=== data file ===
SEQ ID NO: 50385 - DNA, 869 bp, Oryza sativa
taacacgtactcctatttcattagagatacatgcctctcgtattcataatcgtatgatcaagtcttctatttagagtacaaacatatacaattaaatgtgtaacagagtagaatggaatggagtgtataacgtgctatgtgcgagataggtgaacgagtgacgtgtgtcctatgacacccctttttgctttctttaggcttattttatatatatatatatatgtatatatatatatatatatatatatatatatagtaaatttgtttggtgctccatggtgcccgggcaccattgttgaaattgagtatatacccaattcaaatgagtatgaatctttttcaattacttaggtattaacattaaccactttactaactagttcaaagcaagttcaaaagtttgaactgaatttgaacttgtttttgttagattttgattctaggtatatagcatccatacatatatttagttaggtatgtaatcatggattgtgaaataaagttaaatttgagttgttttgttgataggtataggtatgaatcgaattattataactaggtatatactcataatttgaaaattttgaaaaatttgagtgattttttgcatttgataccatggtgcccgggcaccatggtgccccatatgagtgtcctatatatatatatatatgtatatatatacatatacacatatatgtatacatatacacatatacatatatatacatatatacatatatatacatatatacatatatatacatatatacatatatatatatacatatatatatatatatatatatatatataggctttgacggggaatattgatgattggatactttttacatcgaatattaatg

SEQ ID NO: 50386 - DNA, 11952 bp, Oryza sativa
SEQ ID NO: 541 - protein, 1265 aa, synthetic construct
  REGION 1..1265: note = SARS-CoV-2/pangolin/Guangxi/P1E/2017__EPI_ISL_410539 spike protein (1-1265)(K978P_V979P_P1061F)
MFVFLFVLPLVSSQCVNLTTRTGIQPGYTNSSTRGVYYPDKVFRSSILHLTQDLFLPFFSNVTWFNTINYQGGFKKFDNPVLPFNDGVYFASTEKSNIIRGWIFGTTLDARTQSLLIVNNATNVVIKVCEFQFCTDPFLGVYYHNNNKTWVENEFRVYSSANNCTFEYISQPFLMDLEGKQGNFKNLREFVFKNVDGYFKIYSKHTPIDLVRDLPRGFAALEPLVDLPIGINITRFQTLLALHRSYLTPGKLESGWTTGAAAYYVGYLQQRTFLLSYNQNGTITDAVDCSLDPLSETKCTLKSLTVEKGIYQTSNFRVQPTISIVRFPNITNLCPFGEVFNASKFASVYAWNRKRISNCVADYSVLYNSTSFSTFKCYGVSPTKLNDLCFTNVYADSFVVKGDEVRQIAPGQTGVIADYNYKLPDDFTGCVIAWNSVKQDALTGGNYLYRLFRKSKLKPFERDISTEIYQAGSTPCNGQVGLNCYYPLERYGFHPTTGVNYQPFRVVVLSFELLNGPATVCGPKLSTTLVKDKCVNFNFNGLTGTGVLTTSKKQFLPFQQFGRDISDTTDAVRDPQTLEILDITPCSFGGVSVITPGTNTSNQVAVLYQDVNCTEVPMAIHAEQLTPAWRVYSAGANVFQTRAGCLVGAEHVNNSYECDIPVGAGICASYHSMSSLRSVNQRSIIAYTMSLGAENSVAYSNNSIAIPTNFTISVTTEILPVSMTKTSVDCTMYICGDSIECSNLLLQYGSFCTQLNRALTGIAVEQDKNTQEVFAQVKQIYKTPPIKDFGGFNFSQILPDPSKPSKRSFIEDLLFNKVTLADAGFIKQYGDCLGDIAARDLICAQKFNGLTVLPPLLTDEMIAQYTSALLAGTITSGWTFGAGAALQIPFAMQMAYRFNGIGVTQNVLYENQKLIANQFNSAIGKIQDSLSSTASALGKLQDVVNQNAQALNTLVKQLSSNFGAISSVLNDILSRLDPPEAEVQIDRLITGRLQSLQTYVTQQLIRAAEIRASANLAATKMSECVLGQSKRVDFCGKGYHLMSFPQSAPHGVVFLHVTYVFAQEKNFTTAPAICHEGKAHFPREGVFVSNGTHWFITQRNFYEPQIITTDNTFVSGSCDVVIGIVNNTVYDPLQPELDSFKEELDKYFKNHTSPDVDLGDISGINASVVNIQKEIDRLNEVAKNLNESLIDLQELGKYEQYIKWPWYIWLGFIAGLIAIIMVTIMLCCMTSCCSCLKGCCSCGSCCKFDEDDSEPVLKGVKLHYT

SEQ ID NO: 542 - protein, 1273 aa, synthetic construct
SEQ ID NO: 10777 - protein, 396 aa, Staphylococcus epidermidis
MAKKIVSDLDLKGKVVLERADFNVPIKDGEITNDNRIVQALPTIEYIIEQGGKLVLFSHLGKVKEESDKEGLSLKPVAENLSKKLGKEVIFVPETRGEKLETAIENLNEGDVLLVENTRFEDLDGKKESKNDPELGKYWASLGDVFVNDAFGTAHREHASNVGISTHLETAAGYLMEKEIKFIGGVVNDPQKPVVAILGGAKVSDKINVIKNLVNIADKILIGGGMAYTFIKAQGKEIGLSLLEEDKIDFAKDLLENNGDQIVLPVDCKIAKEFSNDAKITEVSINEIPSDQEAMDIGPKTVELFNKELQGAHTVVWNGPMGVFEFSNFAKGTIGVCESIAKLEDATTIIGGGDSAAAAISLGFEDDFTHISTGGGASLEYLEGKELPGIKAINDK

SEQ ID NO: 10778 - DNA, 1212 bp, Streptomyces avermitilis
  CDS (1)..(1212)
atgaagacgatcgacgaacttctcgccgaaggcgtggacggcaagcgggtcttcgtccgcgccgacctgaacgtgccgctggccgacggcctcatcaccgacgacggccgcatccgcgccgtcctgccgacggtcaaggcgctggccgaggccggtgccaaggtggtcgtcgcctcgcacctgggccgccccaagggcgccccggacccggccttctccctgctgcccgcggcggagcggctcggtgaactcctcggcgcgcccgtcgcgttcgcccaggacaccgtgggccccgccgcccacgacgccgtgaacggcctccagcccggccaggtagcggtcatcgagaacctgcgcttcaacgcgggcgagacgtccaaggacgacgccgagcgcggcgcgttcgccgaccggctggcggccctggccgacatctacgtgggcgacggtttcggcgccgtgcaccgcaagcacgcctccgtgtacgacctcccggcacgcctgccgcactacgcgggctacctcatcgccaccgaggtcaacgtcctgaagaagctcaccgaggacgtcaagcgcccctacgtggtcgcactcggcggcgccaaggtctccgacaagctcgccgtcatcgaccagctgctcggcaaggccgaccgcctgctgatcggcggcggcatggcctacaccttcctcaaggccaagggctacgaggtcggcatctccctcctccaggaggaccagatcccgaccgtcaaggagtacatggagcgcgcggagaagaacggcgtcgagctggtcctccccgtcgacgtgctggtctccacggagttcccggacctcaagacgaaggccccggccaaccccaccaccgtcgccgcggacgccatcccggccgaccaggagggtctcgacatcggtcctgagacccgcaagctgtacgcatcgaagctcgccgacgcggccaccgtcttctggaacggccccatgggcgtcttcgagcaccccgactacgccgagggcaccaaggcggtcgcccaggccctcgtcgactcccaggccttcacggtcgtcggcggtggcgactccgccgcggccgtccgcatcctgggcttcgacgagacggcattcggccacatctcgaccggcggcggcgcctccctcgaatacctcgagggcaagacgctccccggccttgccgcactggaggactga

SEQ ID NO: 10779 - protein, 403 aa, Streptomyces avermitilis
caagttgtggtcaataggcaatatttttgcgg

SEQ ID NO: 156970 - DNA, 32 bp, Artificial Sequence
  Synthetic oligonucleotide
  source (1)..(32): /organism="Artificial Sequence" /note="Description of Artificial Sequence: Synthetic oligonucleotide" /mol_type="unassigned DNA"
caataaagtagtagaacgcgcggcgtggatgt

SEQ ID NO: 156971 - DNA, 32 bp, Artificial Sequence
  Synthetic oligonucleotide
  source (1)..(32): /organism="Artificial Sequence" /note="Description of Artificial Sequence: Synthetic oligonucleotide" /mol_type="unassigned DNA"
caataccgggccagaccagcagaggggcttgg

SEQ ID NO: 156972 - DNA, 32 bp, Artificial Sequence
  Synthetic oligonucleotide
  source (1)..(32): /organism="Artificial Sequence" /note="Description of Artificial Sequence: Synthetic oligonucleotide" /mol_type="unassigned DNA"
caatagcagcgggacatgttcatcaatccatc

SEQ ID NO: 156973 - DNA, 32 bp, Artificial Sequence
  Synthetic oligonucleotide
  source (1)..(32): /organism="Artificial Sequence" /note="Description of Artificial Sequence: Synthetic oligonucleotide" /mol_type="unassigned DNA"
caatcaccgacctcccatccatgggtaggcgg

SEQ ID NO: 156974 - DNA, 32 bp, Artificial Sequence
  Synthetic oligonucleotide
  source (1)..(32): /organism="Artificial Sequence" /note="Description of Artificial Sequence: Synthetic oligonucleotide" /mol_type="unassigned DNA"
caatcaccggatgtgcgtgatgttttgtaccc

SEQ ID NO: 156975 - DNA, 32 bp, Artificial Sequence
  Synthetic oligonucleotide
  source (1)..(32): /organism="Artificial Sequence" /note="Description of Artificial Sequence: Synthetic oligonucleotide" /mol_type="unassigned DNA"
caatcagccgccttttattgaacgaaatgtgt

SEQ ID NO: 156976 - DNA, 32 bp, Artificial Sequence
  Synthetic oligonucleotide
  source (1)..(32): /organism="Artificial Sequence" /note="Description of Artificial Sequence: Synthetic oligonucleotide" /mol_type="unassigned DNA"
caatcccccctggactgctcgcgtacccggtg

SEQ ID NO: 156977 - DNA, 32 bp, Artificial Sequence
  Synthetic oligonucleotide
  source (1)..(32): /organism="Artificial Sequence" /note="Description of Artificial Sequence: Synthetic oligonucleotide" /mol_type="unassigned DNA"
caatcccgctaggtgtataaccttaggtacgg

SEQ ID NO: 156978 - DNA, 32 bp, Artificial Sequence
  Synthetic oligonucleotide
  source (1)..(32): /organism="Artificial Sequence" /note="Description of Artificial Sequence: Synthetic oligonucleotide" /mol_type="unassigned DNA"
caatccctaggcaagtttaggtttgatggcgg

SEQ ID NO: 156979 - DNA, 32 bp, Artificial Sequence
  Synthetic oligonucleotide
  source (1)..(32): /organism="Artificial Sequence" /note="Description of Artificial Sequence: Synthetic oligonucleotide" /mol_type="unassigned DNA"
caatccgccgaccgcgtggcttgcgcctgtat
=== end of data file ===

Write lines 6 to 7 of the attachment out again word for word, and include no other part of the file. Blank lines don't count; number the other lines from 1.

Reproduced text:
MFVFLFVLPLVSSQCVNLTTRTGIQPGYTNSSTRGVYYPDKVFRSSILHLTQDLFLPFFSNVTWFNTINYQGGFKKFDNPVLPFNDGVYFASTEKSNIIRGWIFGTTLDARTQSLLIVNNATNVVIKVCEFQFCTDPFLGVYYHNNNKTWVENEFRVYSSANNCTFEYISQPFLMDLEGKQGNFKNLREFVFKNVDGYFKIYSKHTPIDLVRDLPRGFAALEPLVDLPIGINITRFQTLLALHRSYLTPGKLESGWTTGAAAYYVGYLQQRTFLLSYNQNGTITDAVDCSLDPLSETKCTLKSLTVEKGIYQTSNFRVQPTISIVRFPNITNLCPFGEVFNASKFASVYAWNRKRISNCVADYSVLYNSTSFSTFKCYGVSPTKLNDLCFTNVYADSFVVKGDEVRQIAPGQTGVIADYNYKLPDDFTGCVIAWNSVKQDALTGGNYLYRLFRKSKLKPFERDISTEIYQAGSTPCNGQVGLNCYYPLERYGFHPTTGVNYQPFRVVVLSFELLNGPATVCGPKLSTTLVKDKCVNFNFNGLTGTGVLTTSKKQFLPFQQFGRDISDTTDAVRDPQTLEILDITPCSFGGVSVITPGTNTSNQVAVLYQDVNCTEVPMAIHAEQLTPAWRVYSAGANVFQTRAGCLVGAEHVNNSYECDIPVGAGICASYHSMSSLRSVNQRSIIAYTMSLGAENSVAYSNNSIAIPTNFTISVTTEILPVSMTKTSVDCTMYICGDSIECSNLLLQYGSFCTQLNRALTGIAVEQDKNTQEVFAQVKQIYKTPPIKDFGGFNFSQILPDPSKPSKRSFIEDLLFNKVTLADAGFIKQYGDCLGDIAARDLICAQKFNGLTVLPPLLTDEMIAQYTSALLAGTITSGWTFGAGAALQIPFAMQMAYRFNGIGVTQNVLYENQKLIANQFNSAIGKIQDSLSSTASALGKLQDVVNQNAQALNTLVKQLSSNFGAISSVLNDILSRLDPPEAEVQIDRLITGRLQSLQTYVTQQLIRAAEIRASANLAATKMSECVLGQSKRVDFCGKGYHLMSFPQSAPHGVVFLHVTYVFAQEKNFTTAPAICHEGKAHFPREGVFVSNGTHWFITQRNFYEPQIITTDNTFVSGSCDVVIGIVNNTVYDPLQPELDSFKEELDKYFKNHTSPDVDLGDISGINASVVNIQKEIDRLNEVAKNLNESLIDLQELGKYEQYIKWPWYIWLGFIAGLIAIIMVTIMLCCMTSCCSCLKGCCSCGSCCKFDEDDSEPVLKGVKLHYT

SEQ ID NO: 542 - protein, 1273 aa, synthetic construct